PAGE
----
Running a Persistant Node.js Server on an Arduino Yún
We recently had occasion to set up a Node.js web server on an Arduino Yún. It's a bit more complicated than we thought when we set out, so it seemed useful to share the process. To accomplish this, we need to update the system image, expand the device storage, install node, and launch our server. You'll need a couple things:
- An Arduino Yún
- An SD card (at least 2gb)
Once your supplies are lined up, you can get started with the instructions below. Note: This guide assumes a working knowledge of unix systems, and a basic familiarity with the Yún.
Updating the system image
Copy the system image (download) onto the SD card, then plug it into the Yún. Now log into the Yún’s web admin, and there should be a message indicating that it has found the update, and a button to reset from the image.
Install the update, then get your Yún back on the proper wifi network.
Expanding device storage
Once you're updated to the latest system image (if you do this before updating, your progress will be lost) load the YunDiskSpaceExpander sketch onto the Yún, and connect to the serial console. Follow the on-screen prompts to expand your partition. When it asks you for a partition size, Make sure it's at least 1GB, so there's enough room for your software updates, and a swapfile.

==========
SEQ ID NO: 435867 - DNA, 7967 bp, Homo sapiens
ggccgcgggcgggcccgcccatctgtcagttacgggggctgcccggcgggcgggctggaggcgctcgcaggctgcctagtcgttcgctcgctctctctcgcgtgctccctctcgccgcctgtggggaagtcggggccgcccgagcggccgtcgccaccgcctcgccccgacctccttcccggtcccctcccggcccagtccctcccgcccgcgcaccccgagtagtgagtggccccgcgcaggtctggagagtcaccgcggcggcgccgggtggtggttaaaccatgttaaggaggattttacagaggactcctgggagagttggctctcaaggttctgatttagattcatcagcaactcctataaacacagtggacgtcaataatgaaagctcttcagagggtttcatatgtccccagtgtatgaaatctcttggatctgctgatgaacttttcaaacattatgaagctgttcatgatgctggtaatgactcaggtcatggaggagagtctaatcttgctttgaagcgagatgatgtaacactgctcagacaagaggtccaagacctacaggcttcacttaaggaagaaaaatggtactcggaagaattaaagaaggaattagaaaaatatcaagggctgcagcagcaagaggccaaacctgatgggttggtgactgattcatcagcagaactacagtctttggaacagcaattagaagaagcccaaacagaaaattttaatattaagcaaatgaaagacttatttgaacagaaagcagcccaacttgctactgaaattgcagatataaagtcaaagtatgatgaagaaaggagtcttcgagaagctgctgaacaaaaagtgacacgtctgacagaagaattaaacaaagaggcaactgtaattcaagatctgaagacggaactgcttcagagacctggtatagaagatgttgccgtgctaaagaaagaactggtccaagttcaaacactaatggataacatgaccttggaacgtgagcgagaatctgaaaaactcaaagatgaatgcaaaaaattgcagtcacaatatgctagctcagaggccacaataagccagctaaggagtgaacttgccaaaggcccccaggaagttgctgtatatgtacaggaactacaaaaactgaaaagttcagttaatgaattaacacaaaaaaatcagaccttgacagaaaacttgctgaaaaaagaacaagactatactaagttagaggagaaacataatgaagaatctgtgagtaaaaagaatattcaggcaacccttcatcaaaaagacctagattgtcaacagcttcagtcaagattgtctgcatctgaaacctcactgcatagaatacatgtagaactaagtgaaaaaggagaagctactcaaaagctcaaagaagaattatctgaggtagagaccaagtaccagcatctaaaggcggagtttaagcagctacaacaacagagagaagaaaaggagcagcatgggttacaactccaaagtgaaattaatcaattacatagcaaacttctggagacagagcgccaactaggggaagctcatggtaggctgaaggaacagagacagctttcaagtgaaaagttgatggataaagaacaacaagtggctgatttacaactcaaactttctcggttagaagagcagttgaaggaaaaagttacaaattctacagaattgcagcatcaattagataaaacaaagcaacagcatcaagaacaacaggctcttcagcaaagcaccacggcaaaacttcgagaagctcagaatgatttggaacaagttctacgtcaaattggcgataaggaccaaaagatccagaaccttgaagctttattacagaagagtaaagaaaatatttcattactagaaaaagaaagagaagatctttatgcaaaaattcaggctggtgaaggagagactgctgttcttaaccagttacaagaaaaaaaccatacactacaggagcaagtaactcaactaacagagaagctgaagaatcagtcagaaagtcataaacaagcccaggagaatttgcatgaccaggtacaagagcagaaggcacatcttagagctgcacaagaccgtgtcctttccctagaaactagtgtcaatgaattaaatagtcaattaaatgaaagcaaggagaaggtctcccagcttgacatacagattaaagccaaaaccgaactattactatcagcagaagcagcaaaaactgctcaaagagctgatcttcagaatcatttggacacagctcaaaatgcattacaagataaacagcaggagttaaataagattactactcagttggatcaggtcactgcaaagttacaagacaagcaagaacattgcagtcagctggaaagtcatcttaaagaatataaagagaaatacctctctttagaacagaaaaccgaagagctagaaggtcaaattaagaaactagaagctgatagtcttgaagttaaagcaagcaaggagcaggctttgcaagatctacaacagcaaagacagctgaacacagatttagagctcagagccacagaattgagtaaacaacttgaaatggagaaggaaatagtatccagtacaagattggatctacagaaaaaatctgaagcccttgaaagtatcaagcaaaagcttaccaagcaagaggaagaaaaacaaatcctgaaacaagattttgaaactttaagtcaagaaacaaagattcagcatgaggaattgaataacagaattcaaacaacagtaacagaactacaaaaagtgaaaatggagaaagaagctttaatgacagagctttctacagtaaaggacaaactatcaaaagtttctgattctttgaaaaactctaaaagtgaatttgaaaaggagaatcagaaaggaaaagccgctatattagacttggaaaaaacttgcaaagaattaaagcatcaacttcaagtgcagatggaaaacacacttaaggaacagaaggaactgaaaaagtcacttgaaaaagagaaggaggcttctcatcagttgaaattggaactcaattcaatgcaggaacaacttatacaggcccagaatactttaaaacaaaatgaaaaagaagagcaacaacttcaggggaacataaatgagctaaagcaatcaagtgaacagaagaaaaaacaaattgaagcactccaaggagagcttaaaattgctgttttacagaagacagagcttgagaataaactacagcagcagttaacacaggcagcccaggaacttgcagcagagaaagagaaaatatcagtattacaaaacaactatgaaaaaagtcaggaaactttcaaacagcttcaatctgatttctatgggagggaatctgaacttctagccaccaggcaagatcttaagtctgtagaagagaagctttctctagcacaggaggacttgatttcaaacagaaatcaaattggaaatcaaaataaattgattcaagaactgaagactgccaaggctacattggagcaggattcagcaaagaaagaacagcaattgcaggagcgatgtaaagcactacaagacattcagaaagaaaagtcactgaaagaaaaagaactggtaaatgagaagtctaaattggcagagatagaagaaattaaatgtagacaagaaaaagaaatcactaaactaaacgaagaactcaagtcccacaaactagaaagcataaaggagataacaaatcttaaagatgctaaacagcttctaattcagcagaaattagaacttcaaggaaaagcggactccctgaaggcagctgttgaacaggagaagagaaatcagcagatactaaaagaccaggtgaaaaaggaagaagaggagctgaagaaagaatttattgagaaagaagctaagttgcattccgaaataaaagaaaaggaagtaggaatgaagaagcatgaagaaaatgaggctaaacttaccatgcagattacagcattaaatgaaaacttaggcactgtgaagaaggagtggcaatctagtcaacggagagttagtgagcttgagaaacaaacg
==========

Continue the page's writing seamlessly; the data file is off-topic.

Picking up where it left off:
After expanding your device storage, ssh into your Yún. Once connected, run
opkg update then
opkg install node. This will install Node.js, and all its dependencies.
forever. The Yún doesn't have enough memory to install this module on its own, so we need a swap file.
Follow this guide to create one. You can stop at step 5, since the Yún wipes out your fstab on every reboot anyway (a problem for another blog post). Once you've finished Step 5, verify you have swap space with
Once your swap is set up, install the module with
npm install forever -g. Finally, launch the server with
forever start server.js. If everything went according to plan, you should now be able to access your server persistently. Finally, you can run
swapoff [swapfile] and
rm [swapfile] to reclaim your disk space.